I too grew up in the 70s and 80s. So G.I. Joe was everywhere. From the one from action team. They had the one that was as tall as Barbie but he had the rooted hair. He kind of looked like McCoy from the Star Trek motion picture. But in army fatigues. I watched reruns of Star Trek on TV as well as kung fu theater and the master. Which was l Lee Van Cleef as a ninja. I too collected a lot of Star Wars action figures. I had the death star base. The Mayan falcon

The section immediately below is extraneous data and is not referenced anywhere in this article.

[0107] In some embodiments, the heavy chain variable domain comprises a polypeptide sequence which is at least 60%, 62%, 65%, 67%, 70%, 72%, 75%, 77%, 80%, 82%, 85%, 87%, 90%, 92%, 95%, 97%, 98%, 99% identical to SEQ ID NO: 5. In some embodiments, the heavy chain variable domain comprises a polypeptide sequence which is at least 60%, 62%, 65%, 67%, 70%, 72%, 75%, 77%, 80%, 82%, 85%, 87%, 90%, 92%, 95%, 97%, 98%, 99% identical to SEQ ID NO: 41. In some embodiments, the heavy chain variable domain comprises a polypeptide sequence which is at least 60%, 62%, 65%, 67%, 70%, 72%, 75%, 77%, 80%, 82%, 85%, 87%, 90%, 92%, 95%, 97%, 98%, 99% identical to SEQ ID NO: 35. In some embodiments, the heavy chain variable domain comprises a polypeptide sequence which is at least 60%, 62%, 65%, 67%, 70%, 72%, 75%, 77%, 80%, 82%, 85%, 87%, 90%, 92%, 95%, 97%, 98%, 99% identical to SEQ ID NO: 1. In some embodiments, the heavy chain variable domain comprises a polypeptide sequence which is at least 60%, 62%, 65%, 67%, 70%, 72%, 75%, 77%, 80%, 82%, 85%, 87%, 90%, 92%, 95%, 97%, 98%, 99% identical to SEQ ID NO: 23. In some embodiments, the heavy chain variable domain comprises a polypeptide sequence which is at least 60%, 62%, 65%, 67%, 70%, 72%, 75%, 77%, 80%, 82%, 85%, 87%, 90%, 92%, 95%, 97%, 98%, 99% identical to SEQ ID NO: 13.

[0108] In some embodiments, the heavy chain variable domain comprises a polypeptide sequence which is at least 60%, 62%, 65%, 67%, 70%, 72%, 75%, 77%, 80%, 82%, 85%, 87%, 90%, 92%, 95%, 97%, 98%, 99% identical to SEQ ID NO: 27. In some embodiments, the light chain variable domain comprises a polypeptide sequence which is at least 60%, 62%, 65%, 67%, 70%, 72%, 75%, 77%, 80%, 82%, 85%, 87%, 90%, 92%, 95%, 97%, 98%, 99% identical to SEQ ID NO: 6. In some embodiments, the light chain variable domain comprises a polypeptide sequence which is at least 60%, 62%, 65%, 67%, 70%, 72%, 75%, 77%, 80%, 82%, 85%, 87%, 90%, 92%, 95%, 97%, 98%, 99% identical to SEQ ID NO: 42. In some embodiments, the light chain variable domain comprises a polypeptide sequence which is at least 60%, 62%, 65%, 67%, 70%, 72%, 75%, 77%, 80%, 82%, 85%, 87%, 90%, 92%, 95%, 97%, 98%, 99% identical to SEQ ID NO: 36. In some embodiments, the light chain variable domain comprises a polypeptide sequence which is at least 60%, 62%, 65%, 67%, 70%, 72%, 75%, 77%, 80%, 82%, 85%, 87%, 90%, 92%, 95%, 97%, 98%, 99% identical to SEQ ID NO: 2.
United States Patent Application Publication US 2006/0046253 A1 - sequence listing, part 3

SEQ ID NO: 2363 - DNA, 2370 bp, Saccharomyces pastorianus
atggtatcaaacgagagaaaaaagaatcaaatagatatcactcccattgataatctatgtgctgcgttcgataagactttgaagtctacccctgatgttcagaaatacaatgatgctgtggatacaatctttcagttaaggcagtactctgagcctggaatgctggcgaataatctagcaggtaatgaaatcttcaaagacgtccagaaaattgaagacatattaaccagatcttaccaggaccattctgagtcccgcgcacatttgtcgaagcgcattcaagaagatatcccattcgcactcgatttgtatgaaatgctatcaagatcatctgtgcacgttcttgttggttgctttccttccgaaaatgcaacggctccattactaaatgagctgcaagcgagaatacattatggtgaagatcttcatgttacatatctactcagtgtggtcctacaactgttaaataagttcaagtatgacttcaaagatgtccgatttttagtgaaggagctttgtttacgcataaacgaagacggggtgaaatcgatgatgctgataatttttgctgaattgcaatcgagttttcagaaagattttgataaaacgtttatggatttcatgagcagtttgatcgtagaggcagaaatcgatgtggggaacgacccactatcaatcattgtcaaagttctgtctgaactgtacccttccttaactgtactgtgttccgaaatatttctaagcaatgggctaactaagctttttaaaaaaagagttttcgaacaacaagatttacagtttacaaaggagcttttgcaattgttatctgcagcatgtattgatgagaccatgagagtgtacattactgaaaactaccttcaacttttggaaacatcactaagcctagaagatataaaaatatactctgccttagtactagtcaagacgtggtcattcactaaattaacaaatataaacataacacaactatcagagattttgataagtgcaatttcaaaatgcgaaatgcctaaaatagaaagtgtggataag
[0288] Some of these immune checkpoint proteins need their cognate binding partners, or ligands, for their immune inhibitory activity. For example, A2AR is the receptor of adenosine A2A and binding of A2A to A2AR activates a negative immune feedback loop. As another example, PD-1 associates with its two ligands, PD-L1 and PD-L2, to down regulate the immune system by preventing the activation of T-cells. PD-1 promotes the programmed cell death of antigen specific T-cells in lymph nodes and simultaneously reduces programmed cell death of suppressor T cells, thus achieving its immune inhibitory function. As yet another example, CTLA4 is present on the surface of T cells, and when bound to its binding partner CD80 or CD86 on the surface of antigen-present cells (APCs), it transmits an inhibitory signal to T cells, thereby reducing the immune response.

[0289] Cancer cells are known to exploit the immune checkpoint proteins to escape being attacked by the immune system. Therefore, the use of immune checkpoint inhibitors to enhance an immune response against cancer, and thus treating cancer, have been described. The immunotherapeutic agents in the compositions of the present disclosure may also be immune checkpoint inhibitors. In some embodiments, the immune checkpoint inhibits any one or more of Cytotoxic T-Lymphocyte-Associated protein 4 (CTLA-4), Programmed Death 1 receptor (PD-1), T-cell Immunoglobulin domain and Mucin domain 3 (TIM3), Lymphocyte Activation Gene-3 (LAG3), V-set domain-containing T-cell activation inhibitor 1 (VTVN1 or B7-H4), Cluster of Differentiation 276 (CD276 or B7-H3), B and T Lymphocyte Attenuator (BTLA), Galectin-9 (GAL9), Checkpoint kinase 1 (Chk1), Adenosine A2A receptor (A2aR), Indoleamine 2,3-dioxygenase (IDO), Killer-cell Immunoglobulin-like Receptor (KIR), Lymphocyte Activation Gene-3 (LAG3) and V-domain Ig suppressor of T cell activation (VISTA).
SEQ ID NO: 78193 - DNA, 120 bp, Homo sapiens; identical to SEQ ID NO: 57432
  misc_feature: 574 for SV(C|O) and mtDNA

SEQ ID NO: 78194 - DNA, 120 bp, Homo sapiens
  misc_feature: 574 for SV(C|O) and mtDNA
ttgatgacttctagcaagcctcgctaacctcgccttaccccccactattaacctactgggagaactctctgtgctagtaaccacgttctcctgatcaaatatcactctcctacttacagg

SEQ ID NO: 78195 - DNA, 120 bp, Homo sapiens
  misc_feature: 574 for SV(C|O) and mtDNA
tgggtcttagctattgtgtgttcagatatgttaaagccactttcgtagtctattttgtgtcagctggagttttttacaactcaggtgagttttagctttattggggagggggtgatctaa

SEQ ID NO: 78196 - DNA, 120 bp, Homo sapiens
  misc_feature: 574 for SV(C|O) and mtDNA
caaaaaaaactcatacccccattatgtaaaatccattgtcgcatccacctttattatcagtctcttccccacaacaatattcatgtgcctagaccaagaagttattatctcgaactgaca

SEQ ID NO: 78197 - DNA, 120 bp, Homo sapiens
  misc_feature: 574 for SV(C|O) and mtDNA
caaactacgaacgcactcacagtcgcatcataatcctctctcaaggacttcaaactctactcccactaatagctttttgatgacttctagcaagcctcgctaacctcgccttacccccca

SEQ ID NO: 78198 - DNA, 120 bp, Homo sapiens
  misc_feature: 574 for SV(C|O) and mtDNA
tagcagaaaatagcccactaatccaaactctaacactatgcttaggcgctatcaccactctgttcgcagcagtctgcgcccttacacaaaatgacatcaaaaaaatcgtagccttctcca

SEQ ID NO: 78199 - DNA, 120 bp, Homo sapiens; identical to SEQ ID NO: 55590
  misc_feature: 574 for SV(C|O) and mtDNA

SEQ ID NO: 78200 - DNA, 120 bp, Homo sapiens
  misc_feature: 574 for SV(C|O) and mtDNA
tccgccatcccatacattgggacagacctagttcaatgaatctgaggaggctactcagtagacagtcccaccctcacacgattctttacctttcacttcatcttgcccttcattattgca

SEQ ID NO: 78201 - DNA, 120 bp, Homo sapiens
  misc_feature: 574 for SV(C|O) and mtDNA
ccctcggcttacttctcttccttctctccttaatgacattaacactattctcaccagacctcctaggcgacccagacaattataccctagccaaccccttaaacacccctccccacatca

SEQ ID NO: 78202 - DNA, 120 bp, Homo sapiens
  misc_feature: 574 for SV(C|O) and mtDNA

and a lot of different stuff. I was nice to people I was decent people I made friends where I could. But other than one instance I never excluded anyone are trying to think above myself. Just wasn’t whom I was. The man we get credit for my kids but I would return it. I was born sarcastic and just grew bigger. I come from a long line of sarcastic people. It’s a skill was passed on from generation to generation. So Alyssa got physically violent just dealt with it. Any rate when the real American hero G.I. Joe’s showed up I quickly bought them to, because I came from a family of military people. I myself was never in the military. Due to being blind to my left eye, but I had many family members that were. Except for the aforementioned male biological birthing unit that may have brought me into this world. So needless to say I watch the year zero cartoon a lot along with thunder cats and all the other stuff. Though panthor was my favorite thunder. I ended up buying his action figure at a con recently. Along with the woman from the second season. Can’t remember her name. Not cheetara but the other one. As a kid I had the Lino figure. Because, everybody had him. Pantro was hard to find because he was popular where I grew up.